A reason why there's been so much reform but so little change.
By Megan McArdle, very nicely done:
But the biggest question I have is simply: Why spend federal money on this? College graduates are the best-off people in the country, in almost every way. There are probably better candidates for new spending -- about two-thirds of the population, in fact.
More sad craziness from what we're pleased to call "higher education".
I'll enthusiastically second this.
Vocational education is the better option for a substantial portion of students who will never earn bachelor’s degrees. It’s time to rethink our priorities.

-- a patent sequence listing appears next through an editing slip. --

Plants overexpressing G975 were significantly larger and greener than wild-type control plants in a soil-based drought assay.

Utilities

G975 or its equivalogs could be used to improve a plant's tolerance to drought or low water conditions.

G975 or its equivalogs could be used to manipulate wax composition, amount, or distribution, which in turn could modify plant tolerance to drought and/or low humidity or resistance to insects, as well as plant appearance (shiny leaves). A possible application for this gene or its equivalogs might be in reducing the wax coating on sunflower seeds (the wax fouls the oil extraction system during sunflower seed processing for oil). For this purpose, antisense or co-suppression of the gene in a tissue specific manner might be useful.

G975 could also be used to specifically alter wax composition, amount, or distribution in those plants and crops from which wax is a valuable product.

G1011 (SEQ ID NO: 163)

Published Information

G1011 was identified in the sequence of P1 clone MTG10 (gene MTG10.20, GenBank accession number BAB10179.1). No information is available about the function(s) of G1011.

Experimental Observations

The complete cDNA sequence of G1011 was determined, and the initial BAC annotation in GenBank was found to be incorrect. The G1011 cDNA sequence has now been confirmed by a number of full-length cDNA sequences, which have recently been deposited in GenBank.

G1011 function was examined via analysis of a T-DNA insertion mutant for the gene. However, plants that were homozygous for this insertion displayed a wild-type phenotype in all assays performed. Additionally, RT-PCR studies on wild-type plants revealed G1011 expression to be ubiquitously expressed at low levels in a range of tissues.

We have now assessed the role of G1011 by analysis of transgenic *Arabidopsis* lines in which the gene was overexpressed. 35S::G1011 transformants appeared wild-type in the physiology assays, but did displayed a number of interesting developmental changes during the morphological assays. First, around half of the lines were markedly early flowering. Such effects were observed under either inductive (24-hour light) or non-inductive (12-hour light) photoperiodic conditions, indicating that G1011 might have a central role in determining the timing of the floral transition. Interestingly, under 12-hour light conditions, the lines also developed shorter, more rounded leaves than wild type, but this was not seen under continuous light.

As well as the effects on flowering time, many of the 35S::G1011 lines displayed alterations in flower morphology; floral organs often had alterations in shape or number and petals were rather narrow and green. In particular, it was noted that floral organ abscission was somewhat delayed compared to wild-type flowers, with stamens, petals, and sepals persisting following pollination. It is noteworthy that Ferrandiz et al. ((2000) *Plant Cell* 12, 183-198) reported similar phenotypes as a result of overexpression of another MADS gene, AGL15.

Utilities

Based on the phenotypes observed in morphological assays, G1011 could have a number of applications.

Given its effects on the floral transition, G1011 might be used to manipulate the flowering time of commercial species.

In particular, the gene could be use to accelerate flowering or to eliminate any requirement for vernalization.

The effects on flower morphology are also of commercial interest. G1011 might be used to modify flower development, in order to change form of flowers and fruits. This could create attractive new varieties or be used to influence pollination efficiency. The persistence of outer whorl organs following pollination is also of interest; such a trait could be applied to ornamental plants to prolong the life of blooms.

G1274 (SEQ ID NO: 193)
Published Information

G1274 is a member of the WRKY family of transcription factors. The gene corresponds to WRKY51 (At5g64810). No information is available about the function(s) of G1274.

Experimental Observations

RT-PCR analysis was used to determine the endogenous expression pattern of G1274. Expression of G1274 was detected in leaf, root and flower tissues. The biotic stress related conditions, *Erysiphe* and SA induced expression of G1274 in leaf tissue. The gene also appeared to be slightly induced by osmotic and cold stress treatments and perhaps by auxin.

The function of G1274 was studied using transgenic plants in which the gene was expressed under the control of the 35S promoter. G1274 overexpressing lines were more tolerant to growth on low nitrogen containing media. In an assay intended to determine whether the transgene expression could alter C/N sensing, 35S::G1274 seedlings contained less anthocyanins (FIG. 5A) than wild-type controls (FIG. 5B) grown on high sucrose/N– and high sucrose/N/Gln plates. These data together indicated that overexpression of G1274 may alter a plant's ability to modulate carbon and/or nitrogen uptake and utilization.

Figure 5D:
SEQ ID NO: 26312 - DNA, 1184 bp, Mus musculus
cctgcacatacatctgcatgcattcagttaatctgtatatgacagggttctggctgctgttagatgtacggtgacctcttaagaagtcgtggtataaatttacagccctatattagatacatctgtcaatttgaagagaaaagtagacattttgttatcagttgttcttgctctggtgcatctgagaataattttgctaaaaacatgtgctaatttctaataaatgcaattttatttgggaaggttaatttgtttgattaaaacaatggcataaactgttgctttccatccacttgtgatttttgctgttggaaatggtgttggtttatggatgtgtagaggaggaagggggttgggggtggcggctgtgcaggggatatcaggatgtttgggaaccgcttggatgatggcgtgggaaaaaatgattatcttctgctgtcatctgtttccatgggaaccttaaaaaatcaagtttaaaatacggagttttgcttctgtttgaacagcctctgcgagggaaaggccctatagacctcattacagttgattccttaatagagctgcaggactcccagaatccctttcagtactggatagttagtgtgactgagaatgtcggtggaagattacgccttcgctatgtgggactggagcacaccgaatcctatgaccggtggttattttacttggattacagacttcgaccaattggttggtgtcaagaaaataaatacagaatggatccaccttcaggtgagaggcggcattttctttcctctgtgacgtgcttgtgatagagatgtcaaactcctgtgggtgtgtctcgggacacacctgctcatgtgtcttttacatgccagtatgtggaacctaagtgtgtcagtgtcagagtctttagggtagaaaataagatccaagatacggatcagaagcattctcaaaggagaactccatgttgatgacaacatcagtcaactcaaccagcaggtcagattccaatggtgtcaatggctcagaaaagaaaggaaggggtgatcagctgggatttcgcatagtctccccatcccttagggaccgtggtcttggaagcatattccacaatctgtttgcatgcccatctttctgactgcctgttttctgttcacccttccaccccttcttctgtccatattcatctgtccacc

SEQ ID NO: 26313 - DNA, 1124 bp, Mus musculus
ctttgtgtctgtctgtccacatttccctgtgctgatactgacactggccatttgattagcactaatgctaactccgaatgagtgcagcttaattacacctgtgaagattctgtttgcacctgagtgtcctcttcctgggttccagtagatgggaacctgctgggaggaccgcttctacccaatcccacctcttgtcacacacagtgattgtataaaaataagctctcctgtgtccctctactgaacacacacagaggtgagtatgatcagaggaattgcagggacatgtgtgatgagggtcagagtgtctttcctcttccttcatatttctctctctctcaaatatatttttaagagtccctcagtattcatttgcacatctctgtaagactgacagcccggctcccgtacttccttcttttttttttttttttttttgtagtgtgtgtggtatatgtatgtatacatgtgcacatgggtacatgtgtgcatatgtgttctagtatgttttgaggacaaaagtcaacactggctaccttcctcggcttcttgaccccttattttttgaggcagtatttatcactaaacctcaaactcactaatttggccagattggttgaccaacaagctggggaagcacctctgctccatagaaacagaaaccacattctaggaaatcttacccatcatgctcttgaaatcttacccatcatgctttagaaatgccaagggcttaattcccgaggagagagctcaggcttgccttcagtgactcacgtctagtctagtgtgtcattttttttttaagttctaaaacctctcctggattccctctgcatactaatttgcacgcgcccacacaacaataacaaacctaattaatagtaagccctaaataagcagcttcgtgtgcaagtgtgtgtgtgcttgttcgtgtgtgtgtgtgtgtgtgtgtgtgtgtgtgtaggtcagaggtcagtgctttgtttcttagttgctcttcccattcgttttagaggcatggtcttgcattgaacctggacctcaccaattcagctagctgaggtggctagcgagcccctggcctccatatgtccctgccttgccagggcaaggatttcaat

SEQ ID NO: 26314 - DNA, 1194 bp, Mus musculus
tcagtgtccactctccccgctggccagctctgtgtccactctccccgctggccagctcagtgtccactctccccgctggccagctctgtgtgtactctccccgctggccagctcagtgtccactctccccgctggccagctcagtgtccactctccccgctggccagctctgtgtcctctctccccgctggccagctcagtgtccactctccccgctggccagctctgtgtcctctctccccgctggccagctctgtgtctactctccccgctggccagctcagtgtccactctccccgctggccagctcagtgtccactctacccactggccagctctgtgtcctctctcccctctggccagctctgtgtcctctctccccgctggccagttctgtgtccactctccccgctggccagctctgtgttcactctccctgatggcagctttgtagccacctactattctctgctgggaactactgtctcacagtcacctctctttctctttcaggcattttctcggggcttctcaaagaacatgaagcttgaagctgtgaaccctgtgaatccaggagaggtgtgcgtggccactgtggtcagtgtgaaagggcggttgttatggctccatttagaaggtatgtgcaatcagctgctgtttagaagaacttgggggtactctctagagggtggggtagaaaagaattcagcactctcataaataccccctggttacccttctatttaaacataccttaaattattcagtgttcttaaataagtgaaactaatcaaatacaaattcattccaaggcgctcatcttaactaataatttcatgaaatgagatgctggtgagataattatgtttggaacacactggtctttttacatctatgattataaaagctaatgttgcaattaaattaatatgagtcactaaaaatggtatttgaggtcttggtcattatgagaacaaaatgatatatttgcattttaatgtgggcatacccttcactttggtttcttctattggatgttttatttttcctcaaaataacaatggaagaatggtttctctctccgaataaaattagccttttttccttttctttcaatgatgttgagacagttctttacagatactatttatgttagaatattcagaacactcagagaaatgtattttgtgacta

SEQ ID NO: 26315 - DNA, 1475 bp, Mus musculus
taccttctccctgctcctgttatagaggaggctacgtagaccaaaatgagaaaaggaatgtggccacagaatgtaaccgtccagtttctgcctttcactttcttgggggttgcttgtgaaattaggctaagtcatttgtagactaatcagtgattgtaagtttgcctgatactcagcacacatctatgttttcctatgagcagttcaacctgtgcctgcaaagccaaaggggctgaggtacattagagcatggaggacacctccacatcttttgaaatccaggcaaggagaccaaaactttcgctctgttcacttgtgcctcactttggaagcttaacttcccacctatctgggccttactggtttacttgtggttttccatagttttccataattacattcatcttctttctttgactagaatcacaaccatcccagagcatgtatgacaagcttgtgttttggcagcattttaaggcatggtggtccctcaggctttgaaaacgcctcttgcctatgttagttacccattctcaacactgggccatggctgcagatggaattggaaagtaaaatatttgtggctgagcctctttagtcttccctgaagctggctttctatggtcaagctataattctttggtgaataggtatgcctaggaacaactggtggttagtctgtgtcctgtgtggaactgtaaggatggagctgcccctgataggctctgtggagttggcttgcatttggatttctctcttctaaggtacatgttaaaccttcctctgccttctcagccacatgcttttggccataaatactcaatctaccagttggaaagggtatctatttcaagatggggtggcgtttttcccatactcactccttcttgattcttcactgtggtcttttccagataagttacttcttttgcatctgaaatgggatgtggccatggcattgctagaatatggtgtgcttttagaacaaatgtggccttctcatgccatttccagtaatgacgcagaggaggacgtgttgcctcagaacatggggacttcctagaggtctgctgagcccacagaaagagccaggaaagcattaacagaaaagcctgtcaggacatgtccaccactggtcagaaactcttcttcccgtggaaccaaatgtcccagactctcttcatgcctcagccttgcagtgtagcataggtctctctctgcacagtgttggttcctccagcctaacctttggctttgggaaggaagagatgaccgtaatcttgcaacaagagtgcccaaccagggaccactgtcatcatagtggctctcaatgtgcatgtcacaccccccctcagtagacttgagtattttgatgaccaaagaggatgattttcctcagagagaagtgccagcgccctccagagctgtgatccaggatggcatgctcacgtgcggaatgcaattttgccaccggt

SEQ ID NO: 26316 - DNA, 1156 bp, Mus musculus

By Jeffrey Flier, Harvard University Distinguished Service Professor, and Higginson Professor of Medicine and Neurobiology.
That constituency should not have to fight this political battle alone. Those of us who believe in the merit principle, and who have seen firsthand how these schools can improve the lives of the students who attend them, should raise their voice in defence of the current system.
That would include me.
Related: "The real issue on elite high school admissions".
Well, not everything, but it's a start.
Coincidence? You decide.
"A generation of schoolchildren is being exhorted to believe in their brain’s elasticity. Does it really help them learn?"
Short answer: apparently not so much.
So very true:
We create entitlements on the assumption that they won’t be used as a weapon. But that assumption turns out to be unwarranted.